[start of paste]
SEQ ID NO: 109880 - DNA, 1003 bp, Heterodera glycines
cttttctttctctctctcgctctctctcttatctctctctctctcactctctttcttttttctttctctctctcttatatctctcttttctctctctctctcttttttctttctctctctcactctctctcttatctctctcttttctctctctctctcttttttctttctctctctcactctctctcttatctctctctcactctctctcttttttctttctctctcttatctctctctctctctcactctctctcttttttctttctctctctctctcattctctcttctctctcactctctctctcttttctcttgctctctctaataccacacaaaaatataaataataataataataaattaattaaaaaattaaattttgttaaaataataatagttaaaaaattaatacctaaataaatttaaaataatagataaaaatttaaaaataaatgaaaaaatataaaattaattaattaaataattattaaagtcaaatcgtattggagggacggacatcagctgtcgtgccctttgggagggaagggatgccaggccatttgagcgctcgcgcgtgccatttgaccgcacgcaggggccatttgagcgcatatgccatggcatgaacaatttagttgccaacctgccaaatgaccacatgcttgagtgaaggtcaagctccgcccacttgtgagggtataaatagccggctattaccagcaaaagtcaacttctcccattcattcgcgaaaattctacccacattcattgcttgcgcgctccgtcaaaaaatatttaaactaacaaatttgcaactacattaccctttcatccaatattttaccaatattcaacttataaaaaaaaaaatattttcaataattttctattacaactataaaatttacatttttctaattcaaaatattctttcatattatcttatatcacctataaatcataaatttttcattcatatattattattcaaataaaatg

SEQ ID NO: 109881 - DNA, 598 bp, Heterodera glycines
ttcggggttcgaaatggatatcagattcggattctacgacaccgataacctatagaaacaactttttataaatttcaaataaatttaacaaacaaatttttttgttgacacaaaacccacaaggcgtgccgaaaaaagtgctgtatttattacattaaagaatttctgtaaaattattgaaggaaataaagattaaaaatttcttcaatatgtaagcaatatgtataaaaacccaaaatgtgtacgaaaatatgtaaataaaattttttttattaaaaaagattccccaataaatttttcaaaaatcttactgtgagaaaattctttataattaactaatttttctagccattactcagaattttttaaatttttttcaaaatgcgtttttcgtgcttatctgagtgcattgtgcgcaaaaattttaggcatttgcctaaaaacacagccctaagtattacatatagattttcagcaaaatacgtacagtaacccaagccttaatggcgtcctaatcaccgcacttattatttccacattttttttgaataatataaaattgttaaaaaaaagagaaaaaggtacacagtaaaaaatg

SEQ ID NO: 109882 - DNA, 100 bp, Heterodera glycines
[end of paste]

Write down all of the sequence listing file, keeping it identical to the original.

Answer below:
SEQ ID NO: 109880 - DNA, 1003 bp, Heterodera glycines
cttttctttctctctctcgctctctctcttatctctctctctctcactctctttcttttttctttctctctctcttatatctctcttttctctctctctctcttttttctttctctctctcactctctctcttatctctctcttttctctctctctctcttttttctttctctctctcactctctctcttatctctctctcactctctctcttttttctttctctctcttatctctctctctctctcactctctctcttttttctttctctctctctctcattctctcttctctctcactctctctctcttttctcttgctctctctaataccacacaaaaatataaataataataataataaattaattaaaaaattaaattttgttaaaataataatagttaaaaaattaatacctaaataaatttaaaataatagataaaaatttaaaaataaatgaaaaaatataaaattaattaattaaataattattaaagtcaaatcgtattggagggacggacatcagctgtcgtgccctttgggagggaagggatgccaggccatttgagcgctcgcgcgtgccatttgaccgcacgcaggggccatttgagcgcatatgccatggcatgaacaatttagttgccaacctgccaaatgaccacatgcttgagtgaaggtcaagctccgcccacttgtgagggtataaatagccggctattaccagcaaaagtcaacttctcccattcattcgcgaaaattctacccacattcattgcttgcgcgctccgtcaaaaaatatttaaactaacaaatttgcaactacattaccctttcatccaatattttaccaatattcaacttataaaaaaaaaaatattttcaataattttctattacaactataaaatttacatttttctaattcaaaatattctttcatattatcttatatcacctataaatcataaatttttcattcatatattattattcaaataaaatg

SEQ ID NO: 109881 - DNA, 598 bp, Heterodera glycines
ttcggggttcgaaatggatatcagattcggattctacgacaccgataacctatagaaacaactttttataaatttcaaataaatttaacaaacaaatttttttgttgacacaaaacccacaaggcgtgccgaaaaaagtgctgtatttattacattaaagaatttctgtaaaattattgaaggaaataaagattaaaaatttcttcaatatgtaagcaatatgtataaaaacccaaaatgtgtacgaaaatatgtaaataaaattttttttattaaaaaagattccccaataaatttttcaaaaatcttactgtgagaaaattctttataattaactaatttttctagccattactcagaattttttaaatttttttcaaaatgcgtttttcgtgcttatctgagtgcattgtgcgcaaaaattttaggcatttgcctaaaaacacagccctaagtattacatatagattttcagcaaaatacgtacagtaacccaagccttaatggcgtcctaatcaccgcacttattatttccacattttttttgaataatataaaattgttaaaaaaaagagaaaaaggtacacagtaaaaaatg

SEQ ID NO: 109882 - DNA, 100 bp, Heterodera glycines